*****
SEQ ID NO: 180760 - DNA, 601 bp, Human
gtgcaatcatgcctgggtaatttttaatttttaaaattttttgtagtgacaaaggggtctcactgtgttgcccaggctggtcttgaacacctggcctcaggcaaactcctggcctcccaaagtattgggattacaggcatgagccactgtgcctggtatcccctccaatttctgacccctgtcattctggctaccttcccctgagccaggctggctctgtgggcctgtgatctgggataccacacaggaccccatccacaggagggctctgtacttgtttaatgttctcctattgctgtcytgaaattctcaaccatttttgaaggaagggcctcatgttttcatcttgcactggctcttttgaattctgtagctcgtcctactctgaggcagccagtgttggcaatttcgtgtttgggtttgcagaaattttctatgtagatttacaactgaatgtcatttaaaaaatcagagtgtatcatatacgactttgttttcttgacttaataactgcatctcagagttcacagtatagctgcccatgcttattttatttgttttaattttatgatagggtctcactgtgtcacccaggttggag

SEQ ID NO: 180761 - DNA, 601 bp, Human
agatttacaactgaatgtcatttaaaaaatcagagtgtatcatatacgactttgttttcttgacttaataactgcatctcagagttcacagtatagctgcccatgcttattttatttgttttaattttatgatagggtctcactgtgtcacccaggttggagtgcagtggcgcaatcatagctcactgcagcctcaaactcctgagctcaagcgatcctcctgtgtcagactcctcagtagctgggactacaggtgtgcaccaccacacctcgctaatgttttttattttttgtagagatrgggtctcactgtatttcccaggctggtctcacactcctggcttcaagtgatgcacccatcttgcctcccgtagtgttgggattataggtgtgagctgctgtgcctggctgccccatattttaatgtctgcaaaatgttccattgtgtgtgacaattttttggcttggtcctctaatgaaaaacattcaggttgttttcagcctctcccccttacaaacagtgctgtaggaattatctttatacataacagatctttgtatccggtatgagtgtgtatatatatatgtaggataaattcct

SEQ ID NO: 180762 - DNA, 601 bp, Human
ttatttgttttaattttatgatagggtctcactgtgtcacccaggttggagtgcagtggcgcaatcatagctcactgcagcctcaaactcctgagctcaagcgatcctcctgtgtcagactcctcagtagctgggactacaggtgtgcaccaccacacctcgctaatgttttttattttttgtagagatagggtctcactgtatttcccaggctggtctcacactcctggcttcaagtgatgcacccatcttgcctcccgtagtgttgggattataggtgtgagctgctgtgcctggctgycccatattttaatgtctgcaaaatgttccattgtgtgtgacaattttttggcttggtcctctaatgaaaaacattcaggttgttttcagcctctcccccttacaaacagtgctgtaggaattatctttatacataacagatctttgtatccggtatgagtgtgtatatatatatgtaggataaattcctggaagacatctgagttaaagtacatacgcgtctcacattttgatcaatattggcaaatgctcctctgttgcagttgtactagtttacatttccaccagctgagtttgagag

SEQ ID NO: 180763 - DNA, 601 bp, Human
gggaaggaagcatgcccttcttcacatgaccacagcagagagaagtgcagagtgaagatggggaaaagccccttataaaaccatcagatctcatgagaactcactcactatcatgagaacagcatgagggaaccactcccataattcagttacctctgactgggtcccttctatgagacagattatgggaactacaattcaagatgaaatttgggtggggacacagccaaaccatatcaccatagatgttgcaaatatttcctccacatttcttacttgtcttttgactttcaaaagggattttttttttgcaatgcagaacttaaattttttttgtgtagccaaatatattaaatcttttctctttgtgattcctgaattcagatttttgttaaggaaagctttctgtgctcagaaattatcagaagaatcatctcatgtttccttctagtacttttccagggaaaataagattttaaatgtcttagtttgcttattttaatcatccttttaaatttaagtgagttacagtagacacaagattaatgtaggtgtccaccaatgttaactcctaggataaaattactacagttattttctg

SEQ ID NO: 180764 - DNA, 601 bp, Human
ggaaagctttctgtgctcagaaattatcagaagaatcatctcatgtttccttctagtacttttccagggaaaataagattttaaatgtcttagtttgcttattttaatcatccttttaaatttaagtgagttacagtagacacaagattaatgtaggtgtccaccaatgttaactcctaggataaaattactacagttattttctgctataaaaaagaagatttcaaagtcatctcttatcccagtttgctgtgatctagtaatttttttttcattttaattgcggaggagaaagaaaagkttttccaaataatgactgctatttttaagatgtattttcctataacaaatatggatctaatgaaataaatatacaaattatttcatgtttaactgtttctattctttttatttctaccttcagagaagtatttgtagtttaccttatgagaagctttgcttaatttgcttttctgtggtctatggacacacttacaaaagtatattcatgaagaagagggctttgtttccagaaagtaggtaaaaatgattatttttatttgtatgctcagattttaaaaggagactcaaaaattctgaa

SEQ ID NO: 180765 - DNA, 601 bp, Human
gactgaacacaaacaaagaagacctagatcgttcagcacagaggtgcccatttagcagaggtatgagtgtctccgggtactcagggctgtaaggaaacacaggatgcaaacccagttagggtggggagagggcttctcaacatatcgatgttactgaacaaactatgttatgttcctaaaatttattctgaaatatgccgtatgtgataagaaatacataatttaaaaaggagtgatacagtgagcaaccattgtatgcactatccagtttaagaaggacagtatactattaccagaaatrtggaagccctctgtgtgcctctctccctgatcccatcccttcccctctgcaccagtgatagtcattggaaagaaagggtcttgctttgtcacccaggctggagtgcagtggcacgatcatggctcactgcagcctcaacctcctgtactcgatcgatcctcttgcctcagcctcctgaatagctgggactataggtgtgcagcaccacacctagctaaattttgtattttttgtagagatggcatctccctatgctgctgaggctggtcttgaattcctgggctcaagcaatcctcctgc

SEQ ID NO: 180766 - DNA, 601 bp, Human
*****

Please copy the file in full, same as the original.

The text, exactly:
SEQ ID NO: 180760 - DNA, 601 bp, Human
gtgcaatcatgcctgggtaatttttaatttttaaaattttttgtagtgacaaaggggtctcactgtgttgcccaggctggtcttgaacacctggcctcaggcaaactcctggcctcccaaagtattgggattacaggcatgagccactgtgcctggtatcccctccaatttctgacccctgtcattctggctaccttcccctgagccaggctggctctgtgggcctgtgatctgggataccacacaggaccccatccacaggagggctctgtacttgtttaatgttctcctattgctgtcytgaaattctcaaccatttttgaaggaagggcctcatgttttcatcttgcactggctcttttgaattctgtagctcgtcctactctgaggcagccagtgttggcaatttcgtgtttgggtttgcagaaattttctatgtagatttacaactgaatgtcatttaaaaaatcagagtgtatcatatacgactttgttttcttgacttaataactgcatctcagagttcacagtatagctgcccatgcttattttatttgttttaattttatgatagggtctcactgtgtcacccaggttggag

SEQ ID NO: 180761 - DNA, 601 bp, Human
agatttacaactgaatgtcatttaaaaaatcagagtgtatcatatacgactttgttttcttgacttaataactgcatctcagagttcacagtatagctgcccatgcttattttatttgttttaattttatgatagggtctcactgtgtcacccaggttggagtgcagtggcgcaatcatagctcactgcagcctcaaactcctgagctcaagcgatcctcctgtgtcagactcctcagtagctgggactacaggtgtgcaccaccacacctcgctaatgttttttattttttgtagagatrgggtctcactgtatttcccaggctggtctcacactcctggcttcaagtgatgcacccatcttgcctcccgtagtgttgggattataggtgtgagctgctgtgcctggctgccccatattttaatgtctgcaaaatgttccattgtgtgtgacaattttttggcttggtcctctaatgaaaaacattcaggttgttttcagcctctcccccttacaaacagtgctgtaggaattatctttatacataacagatctttgtatccggtatgagtgtgtatatatatatgtaggataaattcct

SEQ ID NO: 180762 - DNA, 601 bp, Human
ttatttgttttaattttatgatagggtctcactgtgtcacccaggttggagtgcagtggcgcaatcatagctcactgcagcctcaaactcctgagctcaagcgatcctcctgtgtcagactcctcagtagctgggactacaggtgtgcaccaccacacctcgctaatgttttttattttttgtagagatagggtctcactgtatttcccaggctggtctcacactcctggcttcaagtgatgcacccatcttgcctcccgtagtgttgggattataggtgtgagctgctgtgcctggctgycccatattttaatgtctgcaaaatgttccattgtgtgtgacaattttttggcttggtcctctaatgaaaaacattcaggttgttttcagcctctcccccttacaaacagtgctgtaggaattatctttatacataacagatctttgtatccggtatgagtgtgtatatatatatgtaggataaattcctggaagacatctgagttaaagtacatacgcgtctcacattttgatcaatattggcaaatgctcctctgttgcagttgtactagtttacatttccaccagctgagtttgagag

SEQ ID NO: 180763 - DNA, 601 bp, Human
gggaaggaagcatgcccttcttcacatgaccacagcagagagaagtgcagagtgaagatggggaaaagccccttataaaaccatcagatctcatgagaactcactcactatcatgagaacagcatgagggaaccactcccataattcagttacctctgactgggtcccttctatgagacagattatgggaactacaattcaagatgaaatttgggtggggacacagccaaaccatatcaccatagatgttgcaaatatttcctccacatttcttacttgtcttttgactttcaaaagggattttttttttgcaatgcagaacttaaattttttttgtgtagccaaatatattaaatcttttctctttgtgattcctgaattcagatttttgttaaggaaagctttctgtgctcagaaattatcagaagaatcatctcatgtttccttctagtacttttccagggaaaataagattttaaatgtcttagtttgcttattttaatcatccttttaaatttaagtgagttacagtagacacaagattaatgtaggtgtccaccaatgttaactcctaggataaaattactacagttattttctg

SEQ ID NO: 180764 - DNA, 601 bp, Human
ggaaagctttctgtgctcagaaattatcagaagaatcatctcatgtttccttctagtacttttccagggaaaataagattttaaatgtcttagtttgcttattttaatcatccttttaaatttaagtgagttacagtagacacaagattaatgtaggtgtccaccaatgttaactcctaggataaaattactacagttattttctgctataaaaaagaagatttcaaagtcatctcttatcccagtttgctgtgatctagtaatttttttttcattttaattgcggaggagaaagaaaagkttttccaaataatgactgctatttttaagatgtattttcctataacaaatatggatctaatgaaataaatatacaaattatttcatgtttaactgtttctattctttttatttctaccttcagagaagtatttgtagtttaccttatgagaagctttgcttaatttgcttttctgtggtctatggacacacttacaaaagtatattcatgaagaagagggctttgtttccagaaagtaggtaaaaatgattatttttatttgtatgctcagattttaaaaggagactcaaaaattctgaa

SEQ ID NO: 180765 - DNA, 601 bp, Human
gactgaacacaaacaaagaagacctagatcgttcagcacagaggtgcccatttagcagaggtatgagtgtctccgggtactcagggctgtaaggaaacacaggatgcaaacccagttagggtggggagagggcttctcaacatatcgatgttactgaacaaactatgttatgttcctaaaatttattctgaaatatgccgtatgtgataagaaatacataatttaaaaaggagtgatacagtgagcaaccattgtatgcactatccagtttaagaaggacagtatactattaccagaaatrtggaagccctctgtgtgcctctctccctgatcccatcccttcccctctgcaccagtgatagtcattggaaagaaagggtcttgctttgtcacccaggctggagtgcagtggcacgatcatggctcactgcagcctcaacctcctgtactcgatcgatcctcttgcctcagcctcctgaatagctgggactataggtgtgcagcaccacacctagctaaattttgtattttttgtagagatggcatctccctatgctgctgaggctggtcttgaattcctgggctcaagcaatcctcctgc

SEQ ID NO: 180766 - DNA, 601 bp, Human